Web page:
If you plan to study abroad this year, relying strictly on cash and debit cards can be a gamble. Cash can easily be stolen. Debit cards can charge foreign transaction fees and don't have the same protections as credit cards. Rather than relying on cash, consider using credit cards responsibly for your overseas spending.
For starters, you'll get protection against fraud and the ability to instantly call and shut off the card if it does get stolen. Credit card companies won't hold you liable for transactions you didn't make, so you won't have to pay for any fraudulent charges on your bill. You can simply review your transactions and notify the company if you see anything unfamiliar. In contrast, when your debit card is stolen and used, the money is taken out of your account immediately and it might be up to you to prove that you didn't withdraw or spend the money. Additionally, credit card companies constantly scan for strange activity and can freeze your card if something looks sketchy.
Whether you're staying domestic or going abroad this year, credit cards have some undeniable advantages. But if you are studying overseas, four additional credit card considerations should be made:
Chip-and-PIN or Chip-and-Signature Technology
Conventional U.S. credit cards rely on a magnetic stripe to perform transactions. Anyone can grab your card and swipe, since most stores don't request identification. However, most of the world uses chip-and-PIN technology (a.k.a. EMV technology), which requires the owner to enter a 4-digit PIN with each transaction. If you want to use an automated kiosk to buy train tickets or pay for parking in Europe, you need EMV. These machines will generally not accept a mag-stripe card, and some merchants may refuse them if they're concerned about fraud.
No Foreign Transaction Fees
Many U.S. credit cards will charge a foreign transaction fee for every purchase you make abroad. Three percent is a typical fee, and they can add up quickly, especially when you're dealing with a less-than-favorable exchange rate. It's worth finding a card that doesn't have foreign transaction fees.
The better your credit score, the greater the credit card selection you'll have. Cards with travel rewards make a lot of sense if you're going abroad. You can rack up airline miles or hotel points, avoid baggage fees, and get other benefits like roadside assistance, a concierge, and trip insurance. Generally, the better the travel benefits, the better the credit score required to qualify for the card.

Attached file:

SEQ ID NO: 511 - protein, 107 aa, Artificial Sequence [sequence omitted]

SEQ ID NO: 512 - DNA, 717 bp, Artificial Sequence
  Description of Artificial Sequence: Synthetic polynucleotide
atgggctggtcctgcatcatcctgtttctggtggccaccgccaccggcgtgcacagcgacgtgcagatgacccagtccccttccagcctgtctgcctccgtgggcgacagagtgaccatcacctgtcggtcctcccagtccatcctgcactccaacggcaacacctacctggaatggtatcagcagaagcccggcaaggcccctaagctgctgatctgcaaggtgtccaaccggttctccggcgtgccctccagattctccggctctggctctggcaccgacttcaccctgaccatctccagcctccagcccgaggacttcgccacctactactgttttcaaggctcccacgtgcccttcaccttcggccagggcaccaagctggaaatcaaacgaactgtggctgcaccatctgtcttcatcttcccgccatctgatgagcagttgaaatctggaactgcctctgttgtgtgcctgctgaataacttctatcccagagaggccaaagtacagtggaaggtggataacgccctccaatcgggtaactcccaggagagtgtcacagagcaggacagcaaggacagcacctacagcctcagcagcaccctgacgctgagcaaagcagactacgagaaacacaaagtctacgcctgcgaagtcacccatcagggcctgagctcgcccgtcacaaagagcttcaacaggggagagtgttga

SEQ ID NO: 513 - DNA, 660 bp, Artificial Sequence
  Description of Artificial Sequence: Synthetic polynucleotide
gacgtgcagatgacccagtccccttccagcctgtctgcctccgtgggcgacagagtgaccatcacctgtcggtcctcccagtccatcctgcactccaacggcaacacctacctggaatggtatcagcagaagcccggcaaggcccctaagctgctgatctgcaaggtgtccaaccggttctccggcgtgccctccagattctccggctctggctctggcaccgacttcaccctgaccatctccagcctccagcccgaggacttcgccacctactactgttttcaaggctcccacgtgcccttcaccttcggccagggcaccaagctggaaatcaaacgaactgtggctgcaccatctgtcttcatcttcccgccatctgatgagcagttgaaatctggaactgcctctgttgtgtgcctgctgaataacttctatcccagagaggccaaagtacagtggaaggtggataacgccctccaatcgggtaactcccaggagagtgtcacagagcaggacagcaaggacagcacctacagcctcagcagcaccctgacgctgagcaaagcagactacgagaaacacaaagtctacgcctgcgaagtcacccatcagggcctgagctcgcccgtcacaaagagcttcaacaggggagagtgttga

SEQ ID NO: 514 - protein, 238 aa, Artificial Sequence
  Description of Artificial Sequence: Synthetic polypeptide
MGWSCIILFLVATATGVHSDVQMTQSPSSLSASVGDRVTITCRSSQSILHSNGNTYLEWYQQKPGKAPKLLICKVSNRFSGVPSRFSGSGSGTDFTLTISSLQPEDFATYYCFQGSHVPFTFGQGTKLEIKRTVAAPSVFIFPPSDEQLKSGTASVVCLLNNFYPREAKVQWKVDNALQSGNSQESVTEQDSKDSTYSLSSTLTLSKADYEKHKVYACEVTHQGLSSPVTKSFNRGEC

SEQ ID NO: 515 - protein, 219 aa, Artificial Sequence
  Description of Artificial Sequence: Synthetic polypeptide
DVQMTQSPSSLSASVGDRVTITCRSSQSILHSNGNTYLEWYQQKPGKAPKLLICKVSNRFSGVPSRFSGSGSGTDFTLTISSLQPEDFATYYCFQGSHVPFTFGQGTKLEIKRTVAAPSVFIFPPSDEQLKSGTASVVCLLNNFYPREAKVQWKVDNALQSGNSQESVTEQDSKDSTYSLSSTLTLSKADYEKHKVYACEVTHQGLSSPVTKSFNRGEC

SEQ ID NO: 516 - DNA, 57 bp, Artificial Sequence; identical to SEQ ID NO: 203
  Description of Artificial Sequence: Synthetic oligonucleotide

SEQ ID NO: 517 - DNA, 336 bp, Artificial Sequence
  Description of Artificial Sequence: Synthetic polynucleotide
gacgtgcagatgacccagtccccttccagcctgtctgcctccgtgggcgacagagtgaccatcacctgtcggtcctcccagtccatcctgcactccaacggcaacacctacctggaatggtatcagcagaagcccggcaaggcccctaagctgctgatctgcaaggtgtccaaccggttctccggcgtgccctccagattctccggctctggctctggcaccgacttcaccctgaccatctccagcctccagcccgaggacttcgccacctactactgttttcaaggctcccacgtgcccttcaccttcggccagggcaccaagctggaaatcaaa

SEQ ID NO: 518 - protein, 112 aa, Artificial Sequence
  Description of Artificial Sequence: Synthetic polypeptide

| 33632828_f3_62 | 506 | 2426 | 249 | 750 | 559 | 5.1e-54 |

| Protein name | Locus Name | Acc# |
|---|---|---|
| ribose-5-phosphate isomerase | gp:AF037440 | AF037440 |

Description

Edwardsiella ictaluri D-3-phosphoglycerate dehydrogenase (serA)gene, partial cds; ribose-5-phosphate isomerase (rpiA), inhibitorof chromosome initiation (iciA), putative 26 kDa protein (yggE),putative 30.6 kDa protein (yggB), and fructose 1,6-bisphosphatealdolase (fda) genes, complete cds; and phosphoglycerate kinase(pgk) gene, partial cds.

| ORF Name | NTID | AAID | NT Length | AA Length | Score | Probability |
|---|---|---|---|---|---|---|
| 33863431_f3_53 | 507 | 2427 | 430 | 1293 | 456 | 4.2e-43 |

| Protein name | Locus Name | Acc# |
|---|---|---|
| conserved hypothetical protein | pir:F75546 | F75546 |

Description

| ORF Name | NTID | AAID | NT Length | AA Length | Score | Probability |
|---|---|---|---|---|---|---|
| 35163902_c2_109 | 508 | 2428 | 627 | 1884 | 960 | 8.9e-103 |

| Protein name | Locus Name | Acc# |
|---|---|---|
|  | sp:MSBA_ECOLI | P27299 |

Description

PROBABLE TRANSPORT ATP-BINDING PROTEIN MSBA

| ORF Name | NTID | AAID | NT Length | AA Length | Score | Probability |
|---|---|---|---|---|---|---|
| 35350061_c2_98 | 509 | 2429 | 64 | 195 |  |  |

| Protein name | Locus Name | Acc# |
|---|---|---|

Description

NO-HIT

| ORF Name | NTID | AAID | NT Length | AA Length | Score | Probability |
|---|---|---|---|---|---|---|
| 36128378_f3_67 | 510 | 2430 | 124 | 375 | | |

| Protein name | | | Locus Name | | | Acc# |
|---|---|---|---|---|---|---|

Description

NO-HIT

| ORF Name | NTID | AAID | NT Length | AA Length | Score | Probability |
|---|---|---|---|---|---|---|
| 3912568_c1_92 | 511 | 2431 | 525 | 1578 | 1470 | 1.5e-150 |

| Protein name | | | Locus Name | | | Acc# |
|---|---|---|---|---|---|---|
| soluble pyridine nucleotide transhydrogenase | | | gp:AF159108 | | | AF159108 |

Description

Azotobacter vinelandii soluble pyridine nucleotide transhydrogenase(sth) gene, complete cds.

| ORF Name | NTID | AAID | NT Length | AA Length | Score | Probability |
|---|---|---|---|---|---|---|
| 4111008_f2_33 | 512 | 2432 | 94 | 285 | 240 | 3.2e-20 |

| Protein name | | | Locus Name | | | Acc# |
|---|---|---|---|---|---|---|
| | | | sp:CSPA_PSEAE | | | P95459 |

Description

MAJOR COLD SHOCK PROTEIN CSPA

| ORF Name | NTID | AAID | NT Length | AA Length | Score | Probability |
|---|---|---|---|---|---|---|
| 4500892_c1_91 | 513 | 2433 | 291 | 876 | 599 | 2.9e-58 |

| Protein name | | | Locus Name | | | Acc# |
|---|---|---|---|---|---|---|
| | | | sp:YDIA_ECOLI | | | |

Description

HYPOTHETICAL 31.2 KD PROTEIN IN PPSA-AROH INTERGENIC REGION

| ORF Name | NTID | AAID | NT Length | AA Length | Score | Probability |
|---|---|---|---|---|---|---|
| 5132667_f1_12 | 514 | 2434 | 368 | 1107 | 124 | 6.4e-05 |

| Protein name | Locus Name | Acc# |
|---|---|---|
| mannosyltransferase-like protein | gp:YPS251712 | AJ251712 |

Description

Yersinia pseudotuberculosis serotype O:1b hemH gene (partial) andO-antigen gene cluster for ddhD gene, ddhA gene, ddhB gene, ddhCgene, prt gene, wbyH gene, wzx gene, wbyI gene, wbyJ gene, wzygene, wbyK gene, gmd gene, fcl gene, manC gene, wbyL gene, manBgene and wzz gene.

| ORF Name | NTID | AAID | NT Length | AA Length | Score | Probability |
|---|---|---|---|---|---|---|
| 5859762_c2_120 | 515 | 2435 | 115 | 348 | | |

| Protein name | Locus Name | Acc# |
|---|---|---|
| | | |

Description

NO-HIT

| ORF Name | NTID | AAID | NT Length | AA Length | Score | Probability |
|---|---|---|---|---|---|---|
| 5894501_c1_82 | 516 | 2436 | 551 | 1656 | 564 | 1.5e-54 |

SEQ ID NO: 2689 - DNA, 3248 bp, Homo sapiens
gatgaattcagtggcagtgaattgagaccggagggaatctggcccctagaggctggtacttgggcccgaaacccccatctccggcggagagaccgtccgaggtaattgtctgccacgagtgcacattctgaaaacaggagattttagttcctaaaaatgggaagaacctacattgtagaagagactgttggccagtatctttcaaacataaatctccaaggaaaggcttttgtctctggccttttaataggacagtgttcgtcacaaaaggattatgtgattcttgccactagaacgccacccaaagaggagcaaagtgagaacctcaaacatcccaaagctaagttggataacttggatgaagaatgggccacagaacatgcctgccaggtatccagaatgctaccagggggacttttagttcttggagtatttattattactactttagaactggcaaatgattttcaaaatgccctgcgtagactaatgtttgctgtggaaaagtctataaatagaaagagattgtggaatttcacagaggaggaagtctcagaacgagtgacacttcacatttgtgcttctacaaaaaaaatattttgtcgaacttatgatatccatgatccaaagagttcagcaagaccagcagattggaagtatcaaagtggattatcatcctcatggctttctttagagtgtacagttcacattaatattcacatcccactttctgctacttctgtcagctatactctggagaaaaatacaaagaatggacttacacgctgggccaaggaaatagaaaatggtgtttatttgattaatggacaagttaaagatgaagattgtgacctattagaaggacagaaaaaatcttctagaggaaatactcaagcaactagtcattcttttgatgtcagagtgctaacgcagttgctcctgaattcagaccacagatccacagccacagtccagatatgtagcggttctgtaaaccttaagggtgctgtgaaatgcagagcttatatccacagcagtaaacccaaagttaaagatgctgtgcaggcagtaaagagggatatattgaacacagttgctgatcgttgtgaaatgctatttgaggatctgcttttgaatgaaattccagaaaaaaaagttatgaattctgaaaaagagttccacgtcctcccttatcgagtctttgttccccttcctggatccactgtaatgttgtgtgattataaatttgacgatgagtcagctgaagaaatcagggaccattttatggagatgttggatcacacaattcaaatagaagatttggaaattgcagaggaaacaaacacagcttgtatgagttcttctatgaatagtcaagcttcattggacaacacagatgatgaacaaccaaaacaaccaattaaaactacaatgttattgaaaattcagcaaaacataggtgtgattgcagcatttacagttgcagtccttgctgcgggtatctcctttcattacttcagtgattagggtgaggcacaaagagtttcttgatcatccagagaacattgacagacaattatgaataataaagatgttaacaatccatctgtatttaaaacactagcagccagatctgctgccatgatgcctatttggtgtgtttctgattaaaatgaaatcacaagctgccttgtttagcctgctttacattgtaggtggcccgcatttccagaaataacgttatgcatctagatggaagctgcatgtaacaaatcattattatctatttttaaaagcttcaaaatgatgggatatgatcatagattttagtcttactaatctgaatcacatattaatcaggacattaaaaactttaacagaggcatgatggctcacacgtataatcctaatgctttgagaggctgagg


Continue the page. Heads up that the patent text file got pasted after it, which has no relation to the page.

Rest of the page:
As I mentioned above, your card could be frozen if your transactions seem suspicious (which is more likely abroad). Having another card or two on hand could be helpful, especially if your card company needs to mail you a new card to replace a cancelled one. Whether you're overseas or in the U.S., you may also want cards from more than one issuer, since many merchants overseas won't accept American Express or Discover credit cards.
For students traveling abroad, I recommend the three credit cards below as possibilities. The first two don't require much of a credit history, while the third requires excellent credit, but has the best travel benefits:
1. Capital One Journey Student Rewards Credit Card
With no foreign transaction fees, 1 percent cash back on all purchases, and no annual fee, this a no-brainer for study abroad. One drawback: the card does not have EMV technology.
2. Citi ThankYou Preferred Card for College Students
This student card has EMV technology, and no annual fee. It offers two ThankYou Points per dollar spent on purchases for dining at restaurants and entertainment, and one ThankYou Point for other purchases. However, the ThankYou Preferred for College Students does have a 3 percent foreign transaction fee. So, you could pair this with the Capital One card and use it when you absolutely need EMV technology.
3. Barclaycard Arrival Plus World Elite MasterCard
This is only for students who already have a strong credit history. The card charges no foreign transaction fees, has EMV technology and offers two airline miles for every dollar spent and 10 percent miles back every time you redeem miles for travel. Right now, if you spend $3,000 within 90 days of activating the card, you get 40,000 bonus miles -- enough for a round trip flight within Europe. The $89 annual fee is waived for the first year.
Before you go abroad, evaluate the credit cards you have now and determine if you might want to apply for other cards. You'll be more protected, avoid debit card transaction fees and perhaps get some free flights or hotel rooms. As always, don't treat your credit limit as a budget. Credit cards will only be advantageous to you if you use them responsibly.